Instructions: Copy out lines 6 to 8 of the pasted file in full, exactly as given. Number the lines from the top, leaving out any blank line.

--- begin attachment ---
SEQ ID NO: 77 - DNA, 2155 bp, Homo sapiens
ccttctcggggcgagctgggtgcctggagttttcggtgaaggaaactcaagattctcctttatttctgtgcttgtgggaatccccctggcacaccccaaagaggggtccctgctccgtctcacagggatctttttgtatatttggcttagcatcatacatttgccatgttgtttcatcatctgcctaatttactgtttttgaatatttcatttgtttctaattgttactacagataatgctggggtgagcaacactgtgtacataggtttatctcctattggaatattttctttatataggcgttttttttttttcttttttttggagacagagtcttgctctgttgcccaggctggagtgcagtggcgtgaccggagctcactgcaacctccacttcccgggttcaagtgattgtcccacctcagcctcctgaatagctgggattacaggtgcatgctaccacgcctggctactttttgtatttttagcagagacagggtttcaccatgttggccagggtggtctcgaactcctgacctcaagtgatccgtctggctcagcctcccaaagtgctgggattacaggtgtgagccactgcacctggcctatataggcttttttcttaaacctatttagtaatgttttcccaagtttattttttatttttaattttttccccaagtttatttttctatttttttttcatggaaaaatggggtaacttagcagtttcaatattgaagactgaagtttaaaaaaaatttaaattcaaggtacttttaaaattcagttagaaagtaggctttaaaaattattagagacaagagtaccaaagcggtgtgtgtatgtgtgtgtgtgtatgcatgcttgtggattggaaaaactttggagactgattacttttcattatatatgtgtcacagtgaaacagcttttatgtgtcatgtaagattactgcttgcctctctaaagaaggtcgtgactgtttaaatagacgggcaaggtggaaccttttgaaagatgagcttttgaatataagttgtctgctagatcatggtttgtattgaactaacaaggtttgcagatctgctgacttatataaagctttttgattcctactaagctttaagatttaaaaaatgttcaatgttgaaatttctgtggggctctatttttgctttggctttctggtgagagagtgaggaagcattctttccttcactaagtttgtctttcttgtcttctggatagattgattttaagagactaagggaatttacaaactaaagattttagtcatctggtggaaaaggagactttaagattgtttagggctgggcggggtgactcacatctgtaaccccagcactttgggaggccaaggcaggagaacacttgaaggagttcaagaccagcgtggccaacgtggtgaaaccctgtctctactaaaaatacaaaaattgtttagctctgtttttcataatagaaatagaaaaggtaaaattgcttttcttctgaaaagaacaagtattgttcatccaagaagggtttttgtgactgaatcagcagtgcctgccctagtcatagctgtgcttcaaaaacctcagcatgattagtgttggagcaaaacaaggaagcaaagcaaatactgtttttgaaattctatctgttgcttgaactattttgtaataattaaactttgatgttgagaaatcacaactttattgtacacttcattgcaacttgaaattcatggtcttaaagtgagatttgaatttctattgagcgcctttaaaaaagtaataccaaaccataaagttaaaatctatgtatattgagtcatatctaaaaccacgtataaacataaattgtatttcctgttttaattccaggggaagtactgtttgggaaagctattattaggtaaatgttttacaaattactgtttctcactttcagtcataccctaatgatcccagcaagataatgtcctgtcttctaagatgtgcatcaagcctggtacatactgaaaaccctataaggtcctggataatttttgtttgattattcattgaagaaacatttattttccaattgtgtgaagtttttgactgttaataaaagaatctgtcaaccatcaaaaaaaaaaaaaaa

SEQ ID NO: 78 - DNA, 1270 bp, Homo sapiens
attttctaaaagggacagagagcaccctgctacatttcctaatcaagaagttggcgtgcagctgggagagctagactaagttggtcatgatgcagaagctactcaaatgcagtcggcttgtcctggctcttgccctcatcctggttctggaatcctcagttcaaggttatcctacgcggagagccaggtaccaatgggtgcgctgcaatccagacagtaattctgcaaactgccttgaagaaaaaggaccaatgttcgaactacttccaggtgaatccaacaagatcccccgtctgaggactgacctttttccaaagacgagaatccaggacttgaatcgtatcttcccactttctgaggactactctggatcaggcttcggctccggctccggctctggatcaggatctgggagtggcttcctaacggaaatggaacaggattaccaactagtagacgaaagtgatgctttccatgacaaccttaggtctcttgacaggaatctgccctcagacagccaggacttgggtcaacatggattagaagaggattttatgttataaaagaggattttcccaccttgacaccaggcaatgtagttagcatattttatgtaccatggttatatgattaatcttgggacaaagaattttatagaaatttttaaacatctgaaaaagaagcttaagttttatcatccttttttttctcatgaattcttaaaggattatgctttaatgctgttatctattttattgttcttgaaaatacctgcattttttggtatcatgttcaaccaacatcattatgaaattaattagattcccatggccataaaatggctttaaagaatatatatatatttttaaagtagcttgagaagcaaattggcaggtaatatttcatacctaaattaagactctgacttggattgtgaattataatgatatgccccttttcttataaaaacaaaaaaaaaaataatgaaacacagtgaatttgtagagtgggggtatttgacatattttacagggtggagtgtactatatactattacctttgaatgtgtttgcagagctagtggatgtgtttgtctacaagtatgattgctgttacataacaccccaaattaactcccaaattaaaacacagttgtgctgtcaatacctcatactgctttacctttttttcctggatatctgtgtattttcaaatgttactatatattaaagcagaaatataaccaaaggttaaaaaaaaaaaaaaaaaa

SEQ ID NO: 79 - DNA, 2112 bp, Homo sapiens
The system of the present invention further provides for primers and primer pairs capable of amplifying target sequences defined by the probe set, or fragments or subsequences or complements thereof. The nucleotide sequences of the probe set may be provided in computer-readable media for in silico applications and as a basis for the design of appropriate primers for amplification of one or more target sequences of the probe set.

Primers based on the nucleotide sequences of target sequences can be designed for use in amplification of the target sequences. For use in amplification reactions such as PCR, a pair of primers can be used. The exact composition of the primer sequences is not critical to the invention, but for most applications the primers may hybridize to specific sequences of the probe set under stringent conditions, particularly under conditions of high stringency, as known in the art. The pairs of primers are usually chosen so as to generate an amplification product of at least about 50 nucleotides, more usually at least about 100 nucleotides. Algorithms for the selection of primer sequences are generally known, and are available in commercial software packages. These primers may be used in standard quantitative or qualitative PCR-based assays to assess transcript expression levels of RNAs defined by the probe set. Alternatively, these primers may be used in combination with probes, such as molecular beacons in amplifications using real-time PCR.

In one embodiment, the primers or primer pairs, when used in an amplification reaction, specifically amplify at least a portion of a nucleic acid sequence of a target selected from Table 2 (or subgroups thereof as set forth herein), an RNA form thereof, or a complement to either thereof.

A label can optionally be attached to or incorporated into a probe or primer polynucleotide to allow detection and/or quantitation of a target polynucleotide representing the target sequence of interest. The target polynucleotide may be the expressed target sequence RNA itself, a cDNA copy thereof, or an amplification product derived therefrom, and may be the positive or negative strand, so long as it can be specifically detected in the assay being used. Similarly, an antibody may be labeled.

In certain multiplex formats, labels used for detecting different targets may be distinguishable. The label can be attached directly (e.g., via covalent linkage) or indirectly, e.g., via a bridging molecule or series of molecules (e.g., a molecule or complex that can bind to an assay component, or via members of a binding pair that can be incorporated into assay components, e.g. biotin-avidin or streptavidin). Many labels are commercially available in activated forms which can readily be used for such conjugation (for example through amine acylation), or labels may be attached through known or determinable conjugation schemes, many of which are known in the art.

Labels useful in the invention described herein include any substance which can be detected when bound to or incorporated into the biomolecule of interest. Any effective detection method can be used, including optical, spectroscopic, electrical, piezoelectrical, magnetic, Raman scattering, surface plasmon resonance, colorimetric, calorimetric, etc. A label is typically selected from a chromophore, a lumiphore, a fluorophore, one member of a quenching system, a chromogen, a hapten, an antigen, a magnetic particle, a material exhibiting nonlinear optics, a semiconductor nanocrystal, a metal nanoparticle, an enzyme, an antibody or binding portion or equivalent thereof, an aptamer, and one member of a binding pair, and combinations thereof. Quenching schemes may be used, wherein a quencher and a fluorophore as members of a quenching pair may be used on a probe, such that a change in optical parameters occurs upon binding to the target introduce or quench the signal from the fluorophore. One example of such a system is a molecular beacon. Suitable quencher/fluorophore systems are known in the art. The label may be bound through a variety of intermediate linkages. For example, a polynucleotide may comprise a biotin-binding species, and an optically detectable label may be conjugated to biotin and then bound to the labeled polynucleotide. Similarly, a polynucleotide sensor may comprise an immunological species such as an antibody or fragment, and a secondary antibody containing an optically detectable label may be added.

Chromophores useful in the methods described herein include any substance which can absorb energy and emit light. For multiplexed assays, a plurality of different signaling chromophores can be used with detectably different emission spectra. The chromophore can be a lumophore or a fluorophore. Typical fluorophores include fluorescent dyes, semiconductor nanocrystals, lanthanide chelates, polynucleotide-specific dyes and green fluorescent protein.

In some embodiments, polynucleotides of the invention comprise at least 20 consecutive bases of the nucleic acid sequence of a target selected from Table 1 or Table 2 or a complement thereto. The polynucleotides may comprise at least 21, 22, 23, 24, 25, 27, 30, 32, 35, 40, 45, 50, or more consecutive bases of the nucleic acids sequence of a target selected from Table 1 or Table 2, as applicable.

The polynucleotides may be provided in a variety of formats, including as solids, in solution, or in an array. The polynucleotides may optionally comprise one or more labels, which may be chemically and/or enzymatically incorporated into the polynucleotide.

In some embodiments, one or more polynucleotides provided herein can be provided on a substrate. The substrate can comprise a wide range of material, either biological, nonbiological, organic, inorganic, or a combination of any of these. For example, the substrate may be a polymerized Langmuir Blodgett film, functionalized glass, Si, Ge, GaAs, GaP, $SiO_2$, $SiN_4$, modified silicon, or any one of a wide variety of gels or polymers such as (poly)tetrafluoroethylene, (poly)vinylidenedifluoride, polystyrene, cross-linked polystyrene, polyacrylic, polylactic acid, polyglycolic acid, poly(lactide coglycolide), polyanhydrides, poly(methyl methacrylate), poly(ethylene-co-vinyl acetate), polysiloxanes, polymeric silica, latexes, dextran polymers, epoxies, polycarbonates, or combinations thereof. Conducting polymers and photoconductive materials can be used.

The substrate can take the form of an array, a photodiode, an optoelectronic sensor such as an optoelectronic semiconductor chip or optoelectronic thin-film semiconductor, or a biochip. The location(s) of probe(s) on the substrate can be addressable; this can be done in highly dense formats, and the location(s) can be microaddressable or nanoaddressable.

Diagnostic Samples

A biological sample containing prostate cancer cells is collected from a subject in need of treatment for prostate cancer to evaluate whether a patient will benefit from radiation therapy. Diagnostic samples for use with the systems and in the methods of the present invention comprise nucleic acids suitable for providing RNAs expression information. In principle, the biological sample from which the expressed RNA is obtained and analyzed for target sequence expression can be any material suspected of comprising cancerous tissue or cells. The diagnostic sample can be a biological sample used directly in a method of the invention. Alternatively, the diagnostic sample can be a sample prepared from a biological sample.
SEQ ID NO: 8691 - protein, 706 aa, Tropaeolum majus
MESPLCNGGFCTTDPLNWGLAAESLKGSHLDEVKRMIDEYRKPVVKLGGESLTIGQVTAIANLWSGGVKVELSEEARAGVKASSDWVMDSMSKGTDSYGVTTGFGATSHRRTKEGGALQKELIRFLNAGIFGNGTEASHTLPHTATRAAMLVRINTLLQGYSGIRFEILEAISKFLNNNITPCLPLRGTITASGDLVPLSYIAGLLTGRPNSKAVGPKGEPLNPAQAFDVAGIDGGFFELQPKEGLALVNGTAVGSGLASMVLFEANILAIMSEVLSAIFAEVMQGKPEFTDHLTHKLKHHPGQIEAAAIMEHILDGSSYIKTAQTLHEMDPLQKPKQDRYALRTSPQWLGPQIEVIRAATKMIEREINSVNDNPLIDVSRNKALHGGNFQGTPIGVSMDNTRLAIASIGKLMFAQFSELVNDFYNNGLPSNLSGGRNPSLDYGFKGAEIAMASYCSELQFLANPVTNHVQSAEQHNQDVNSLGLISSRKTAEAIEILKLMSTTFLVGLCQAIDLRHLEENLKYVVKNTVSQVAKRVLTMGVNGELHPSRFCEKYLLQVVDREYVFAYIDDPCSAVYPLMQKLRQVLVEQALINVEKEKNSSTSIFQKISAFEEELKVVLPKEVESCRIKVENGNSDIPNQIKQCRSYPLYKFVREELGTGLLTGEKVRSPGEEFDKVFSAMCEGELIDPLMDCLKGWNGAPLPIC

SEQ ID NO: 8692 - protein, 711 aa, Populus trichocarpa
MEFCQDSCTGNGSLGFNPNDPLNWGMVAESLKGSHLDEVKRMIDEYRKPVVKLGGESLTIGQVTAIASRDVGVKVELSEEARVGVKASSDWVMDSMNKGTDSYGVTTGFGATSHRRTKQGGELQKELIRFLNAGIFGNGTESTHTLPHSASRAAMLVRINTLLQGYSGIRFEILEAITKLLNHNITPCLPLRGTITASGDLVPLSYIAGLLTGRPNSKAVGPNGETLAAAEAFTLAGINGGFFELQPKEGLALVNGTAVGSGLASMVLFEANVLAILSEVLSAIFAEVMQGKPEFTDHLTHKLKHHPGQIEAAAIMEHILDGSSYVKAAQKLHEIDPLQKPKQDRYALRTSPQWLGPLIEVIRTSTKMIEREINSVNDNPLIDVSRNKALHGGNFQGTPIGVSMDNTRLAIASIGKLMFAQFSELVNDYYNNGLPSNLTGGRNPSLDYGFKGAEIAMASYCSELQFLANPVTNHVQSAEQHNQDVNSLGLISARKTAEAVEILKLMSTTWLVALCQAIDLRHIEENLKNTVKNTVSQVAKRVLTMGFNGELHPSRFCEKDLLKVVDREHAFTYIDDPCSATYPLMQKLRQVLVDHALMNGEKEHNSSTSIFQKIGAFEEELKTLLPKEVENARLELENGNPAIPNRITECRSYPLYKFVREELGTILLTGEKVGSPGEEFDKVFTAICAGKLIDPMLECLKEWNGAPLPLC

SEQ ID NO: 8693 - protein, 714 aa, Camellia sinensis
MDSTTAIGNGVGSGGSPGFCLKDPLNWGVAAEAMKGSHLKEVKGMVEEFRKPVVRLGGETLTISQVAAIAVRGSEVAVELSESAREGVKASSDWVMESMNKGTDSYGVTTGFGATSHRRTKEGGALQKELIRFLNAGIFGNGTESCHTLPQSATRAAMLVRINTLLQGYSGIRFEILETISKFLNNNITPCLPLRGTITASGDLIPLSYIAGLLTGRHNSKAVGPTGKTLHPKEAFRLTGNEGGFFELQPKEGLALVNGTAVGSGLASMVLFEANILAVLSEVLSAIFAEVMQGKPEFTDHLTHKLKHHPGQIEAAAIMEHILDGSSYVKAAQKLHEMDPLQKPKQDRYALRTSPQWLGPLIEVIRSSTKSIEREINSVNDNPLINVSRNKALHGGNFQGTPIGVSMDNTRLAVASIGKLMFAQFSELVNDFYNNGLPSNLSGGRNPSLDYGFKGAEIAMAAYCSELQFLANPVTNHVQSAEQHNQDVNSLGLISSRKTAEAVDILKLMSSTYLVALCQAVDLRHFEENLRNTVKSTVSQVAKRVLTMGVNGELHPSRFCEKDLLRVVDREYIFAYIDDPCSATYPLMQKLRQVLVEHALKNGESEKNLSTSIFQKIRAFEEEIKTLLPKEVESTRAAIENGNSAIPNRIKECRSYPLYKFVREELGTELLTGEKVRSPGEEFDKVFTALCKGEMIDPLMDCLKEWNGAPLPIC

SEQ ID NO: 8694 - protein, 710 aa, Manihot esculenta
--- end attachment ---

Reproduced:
The system of the present invention further provides for primers and primer pairs capable of amplifying target sequences defined by the probe set, or fragments or subsequences or complements thereof. The nucleotide sequences of the probe set may be provided in computer-readable media for in silico applications and as a basis for the design of appropriate primers for amplification of one or more target sequences of the probe set.

Primers based on the nucleotide sequences of target sequences can be designed for use in amplification of the target sequences. For use in amplification reactions such as PCR, a pair of primers can be used. The exact composition of the primer sequences is not critical to the invention, but for most applications the primers may hybridize to specific sequences of the probe set under stringent conditions, particularly under conditions of high stringency, as known in the art. The pairs of primers are usually chosen so as to generate an amplification product of at least about 50 nucleotides, more usually at least about 100 nucleotides. Algorithms for the selection of primer sequences are generally known, and are available in commercial software packages. These primers may be used in standard quantitative or qualitative PCR-based assays to assess transcript expression levels of RNAs defined by the probe set. Alternatively, these primers may be used in combination with probes, such as molecular beacons in amplifications using real-time PCR.

In one embodiment, the primers or primer pairs, when used in an amplification reaction, specifically amplify at least a portion of a nucleic acid sequence of a target selected from Table 2 (or subgroups thereof as set forth herein), an RNA form thereof, or a complement to either thereof.